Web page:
Crowley’s Ridge Nature Center - The official website of the Crowley’s Ridge Nature Center.
Forrest L. Wood Crowley's Ridge Nature Center
The Forrest L. Wood Crowley’s Ridge Nature Center in Jonesboro (Craighead County) was built through the efforts of the Arkansas Game and Fish Commission (AGFC). It is one of four such nature centers that were built after the 1996 passage of a one-eighth-cent conservation sales tax. Named after Forrest L. Wood, former commissioner and longtime supporter of the AGFC, the center opened on August 25, 2004, after nearly two years of construction.
Located on the northern, wider part of the 200-mile-long Crowley’s Ridge, the center provides the public an opportunity to view wildlife in its habitat and learn about the area’s history. The facility maintains several interactive indoor/outdoor exhibits and offers two related films. Educational programs focus on Arkansas’s history of natural resources, wildlife and their habitats, and outdoor skills. Workshops are held monthly, with classes offered for boating and hunting education.
The three-story wooden and glass structure is surrounded by many types of flora and fauna. After entering the 17,000-square-foot facility on the main level, also called the Exhibit Hall, visitors can interact with the exhibits, including a two-story diorama that depicts a thunderstorm and its effects on the ridge. The films Arkansas on the Wild Side and Crowley’s Ridge are shown in the auditorium. Also located on this level is an exit to the trails, a gift shop, and aquariums for many of the habitats.
The upper level, also known as the Crow’s Nest, is an observatory with a telescope for viewing the surrounding ridge. A hands-on activity room, also known as the discovery room, is located in the lower level along with a meeting room, an aquarium, and additional educational animal habitats.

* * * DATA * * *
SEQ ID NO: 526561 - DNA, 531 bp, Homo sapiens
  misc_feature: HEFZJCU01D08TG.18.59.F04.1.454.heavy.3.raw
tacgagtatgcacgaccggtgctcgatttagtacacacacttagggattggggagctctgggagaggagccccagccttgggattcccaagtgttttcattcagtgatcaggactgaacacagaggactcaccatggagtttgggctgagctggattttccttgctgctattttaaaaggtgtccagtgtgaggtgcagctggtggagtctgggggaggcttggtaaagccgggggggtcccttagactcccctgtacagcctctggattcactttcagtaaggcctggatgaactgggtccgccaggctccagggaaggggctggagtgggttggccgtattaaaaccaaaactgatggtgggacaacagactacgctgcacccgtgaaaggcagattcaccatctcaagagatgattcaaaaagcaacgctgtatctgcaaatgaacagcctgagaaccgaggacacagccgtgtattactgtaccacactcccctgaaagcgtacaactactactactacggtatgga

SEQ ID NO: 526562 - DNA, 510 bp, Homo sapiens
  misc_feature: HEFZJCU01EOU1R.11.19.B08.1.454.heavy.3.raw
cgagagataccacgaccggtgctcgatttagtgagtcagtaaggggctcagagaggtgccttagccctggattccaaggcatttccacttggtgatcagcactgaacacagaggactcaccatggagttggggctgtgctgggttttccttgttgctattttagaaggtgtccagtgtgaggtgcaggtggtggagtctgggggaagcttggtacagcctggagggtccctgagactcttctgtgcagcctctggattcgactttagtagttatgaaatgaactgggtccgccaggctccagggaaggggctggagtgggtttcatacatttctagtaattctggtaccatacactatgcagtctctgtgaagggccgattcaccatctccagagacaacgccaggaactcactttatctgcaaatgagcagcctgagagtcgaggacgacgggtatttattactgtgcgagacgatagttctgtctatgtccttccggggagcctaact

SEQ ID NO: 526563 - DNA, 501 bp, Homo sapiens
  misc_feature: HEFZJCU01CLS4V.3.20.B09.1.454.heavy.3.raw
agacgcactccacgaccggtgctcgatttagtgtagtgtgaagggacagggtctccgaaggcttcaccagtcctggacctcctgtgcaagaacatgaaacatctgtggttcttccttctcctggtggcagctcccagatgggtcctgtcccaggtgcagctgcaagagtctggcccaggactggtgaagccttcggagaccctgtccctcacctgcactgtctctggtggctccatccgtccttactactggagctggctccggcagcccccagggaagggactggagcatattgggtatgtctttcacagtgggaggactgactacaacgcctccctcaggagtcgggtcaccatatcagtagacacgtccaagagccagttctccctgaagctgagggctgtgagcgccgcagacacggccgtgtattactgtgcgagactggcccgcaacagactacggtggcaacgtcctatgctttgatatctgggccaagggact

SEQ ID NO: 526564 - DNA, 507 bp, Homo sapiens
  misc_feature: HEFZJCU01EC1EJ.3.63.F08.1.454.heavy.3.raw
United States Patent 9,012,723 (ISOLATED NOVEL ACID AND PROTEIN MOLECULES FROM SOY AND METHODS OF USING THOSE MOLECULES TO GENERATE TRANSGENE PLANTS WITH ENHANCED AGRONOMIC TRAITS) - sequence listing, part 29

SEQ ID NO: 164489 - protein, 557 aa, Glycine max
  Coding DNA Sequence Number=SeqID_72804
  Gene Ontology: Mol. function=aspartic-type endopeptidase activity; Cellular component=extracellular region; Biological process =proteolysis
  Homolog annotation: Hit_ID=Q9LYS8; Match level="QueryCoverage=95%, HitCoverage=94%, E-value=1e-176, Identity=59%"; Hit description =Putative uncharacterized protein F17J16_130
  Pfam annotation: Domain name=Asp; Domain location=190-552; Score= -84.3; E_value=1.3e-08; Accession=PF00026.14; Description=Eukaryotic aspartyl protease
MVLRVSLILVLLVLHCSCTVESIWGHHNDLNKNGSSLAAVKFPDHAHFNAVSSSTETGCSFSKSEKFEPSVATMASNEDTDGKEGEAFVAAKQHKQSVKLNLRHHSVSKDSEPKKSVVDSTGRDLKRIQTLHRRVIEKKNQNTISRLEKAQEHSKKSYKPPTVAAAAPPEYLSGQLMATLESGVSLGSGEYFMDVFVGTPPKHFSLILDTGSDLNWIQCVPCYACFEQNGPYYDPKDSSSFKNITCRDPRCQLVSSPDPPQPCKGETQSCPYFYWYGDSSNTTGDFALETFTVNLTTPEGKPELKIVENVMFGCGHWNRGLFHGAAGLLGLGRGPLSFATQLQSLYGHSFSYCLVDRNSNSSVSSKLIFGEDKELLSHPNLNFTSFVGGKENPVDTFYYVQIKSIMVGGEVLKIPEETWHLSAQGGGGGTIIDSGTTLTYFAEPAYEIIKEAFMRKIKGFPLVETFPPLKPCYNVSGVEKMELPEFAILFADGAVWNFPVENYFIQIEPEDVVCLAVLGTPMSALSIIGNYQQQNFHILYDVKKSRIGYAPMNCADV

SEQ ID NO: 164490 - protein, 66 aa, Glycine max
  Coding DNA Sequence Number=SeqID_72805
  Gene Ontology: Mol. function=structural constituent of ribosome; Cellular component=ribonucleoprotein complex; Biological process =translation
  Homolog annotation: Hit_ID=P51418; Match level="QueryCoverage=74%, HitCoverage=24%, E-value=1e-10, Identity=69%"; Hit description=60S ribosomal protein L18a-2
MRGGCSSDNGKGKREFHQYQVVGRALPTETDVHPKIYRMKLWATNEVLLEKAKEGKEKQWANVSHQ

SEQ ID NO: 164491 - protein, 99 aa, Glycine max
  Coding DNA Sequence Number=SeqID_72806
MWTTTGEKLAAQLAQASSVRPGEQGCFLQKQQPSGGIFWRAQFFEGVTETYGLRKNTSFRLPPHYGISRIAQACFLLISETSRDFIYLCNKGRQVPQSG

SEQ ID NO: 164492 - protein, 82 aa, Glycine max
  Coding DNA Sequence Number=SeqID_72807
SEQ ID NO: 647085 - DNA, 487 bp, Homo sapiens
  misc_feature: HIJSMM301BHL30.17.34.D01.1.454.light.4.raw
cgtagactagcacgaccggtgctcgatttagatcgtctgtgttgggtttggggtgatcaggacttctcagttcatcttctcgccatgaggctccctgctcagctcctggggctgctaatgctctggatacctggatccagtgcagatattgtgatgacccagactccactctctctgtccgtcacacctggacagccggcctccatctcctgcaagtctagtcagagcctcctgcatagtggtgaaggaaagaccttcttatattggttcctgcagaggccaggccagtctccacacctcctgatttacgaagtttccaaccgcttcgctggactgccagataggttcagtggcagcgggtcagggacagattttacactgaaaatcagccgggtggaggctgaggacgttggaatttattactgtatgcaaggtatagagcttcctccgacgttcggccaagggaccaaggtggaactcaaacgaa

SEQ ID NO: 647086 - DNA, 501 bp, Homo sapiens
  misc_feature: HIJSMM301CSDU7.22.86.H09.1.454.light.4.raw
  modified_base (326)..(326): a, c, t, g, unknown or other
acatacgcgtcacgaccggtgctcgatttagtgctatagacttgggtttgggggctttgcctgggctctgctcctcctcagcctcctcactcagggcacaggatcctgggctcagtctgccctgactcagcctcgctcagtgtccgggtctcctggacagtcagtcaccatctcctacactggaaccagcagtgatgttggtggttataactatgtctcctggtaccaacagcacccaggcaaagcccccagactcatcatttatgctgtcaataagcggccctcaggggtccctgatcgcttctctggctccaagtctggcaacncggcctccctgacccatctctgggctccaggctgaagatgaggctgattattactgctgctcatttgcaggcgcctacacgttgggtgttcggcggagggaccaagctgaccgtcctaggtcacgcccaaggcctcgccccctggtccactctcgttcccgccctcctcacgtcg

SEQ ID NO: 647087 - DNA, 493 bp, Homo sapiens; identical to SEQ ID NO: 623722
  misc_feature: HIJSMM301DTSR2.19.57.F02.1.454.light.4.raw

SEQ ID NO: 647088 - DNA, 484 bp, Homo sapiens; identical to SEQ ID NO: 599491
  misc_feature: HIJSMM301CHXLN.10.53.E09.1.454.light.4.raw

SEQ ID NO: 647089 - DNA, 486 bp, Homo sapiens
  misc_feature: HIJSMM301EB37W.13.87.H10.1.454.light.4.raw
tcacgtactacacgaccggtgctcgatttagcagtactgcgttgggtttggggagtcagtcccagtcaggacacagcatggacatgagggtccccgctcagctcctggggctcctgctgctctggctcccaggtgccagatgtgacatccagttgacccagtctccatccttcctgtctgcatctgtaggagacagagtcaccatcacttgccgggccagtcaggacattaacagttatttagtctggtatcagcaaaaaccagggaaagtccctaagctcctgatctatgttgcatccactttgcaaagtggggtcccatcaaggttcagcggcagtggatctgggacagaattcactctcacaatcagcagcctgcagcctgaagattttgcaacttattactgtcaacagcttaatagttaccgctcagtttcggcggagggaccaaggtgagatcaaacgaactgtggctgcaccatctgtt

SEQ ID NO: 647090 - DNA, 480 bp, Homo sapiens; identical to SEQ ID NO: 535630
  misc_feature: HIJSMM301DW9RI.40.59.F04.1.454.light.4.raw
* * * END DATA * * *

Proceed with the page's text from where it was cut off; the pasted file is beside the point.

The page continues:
Located on the grounds is a pond surrounded by a quarter-mile-long walking trail called the Habitats Trail; the center also features another trail of just over two miles connecting to Craighead Forest Park.
The Forrest L. Wood Crowley’s Ridge Nature Center is open to the public free of charge every day except Mondays and major holidays, from 8:30 a.m. to 4:30 p.m., Tuesday through Saturday, and 1:00 p.m. to 5:00 p.m. on Sundays.
For additional information:
Forrest L. Wood Crowley’s Ridge Nature Center. http://www.crowleysridge.org/ (accessed September 8, 2021).
T. French Adams
Last Updated: 09/08/2021
Forest nature center craighead
Forrest L Wood Crowley's Ridge Nature Center, Jonesboro
Love the nature center. Great place to take the kids to learn about animals and nature. They have theater room that shows a video about how Arkansas was formed thousands of years ago. Walking trails with lookout towers you can climb up to look out over the area through a telescope. Lots of live snakes, fish, turtles, etc... to view. They also have a gift shop to get a souvenir of your trip there. Highly recommend!more less
We always take the grandkids here when they come up....but more importantly, we visit a few times a year on our own. It is really neat to see some of the animals they have on the property and learn more about our wildlife. My husband loves the shooting gallery game the best. The kids craft center downstairs is fun. And if you catch it just right, you will get to see them feed the gators or maybe even pet one!more less
Upon a recommendation from a gentleman next to us at the state park, we stopped in for a visit, and it was well worth the drive. The video on the formation of Crowley's Ridge was educational, and well worth its time. The nature trail behind the center was awesome with its elevated walkways over the marshlands, and the tower looking over the prairie. If the nature center staff reads this, add a donation box near the entrance! I looked around for one, and finally asked the front desk, only to find out they had to ring up donations... not a huge deal, but having a box would certainly bring in more funds.more less
Well laid out. Lots of information at the various exhibits as well as numerous live animals, most all reptiles and amphibians including alligators. Would be nice to have a few mammals maybe but still a variety of wildlife to see. Nice gift shop and the outside walking trails are impressive.more less
One of our favorite places to take the kids. Love the walk through the trails ans enjoy the slower part of life.more less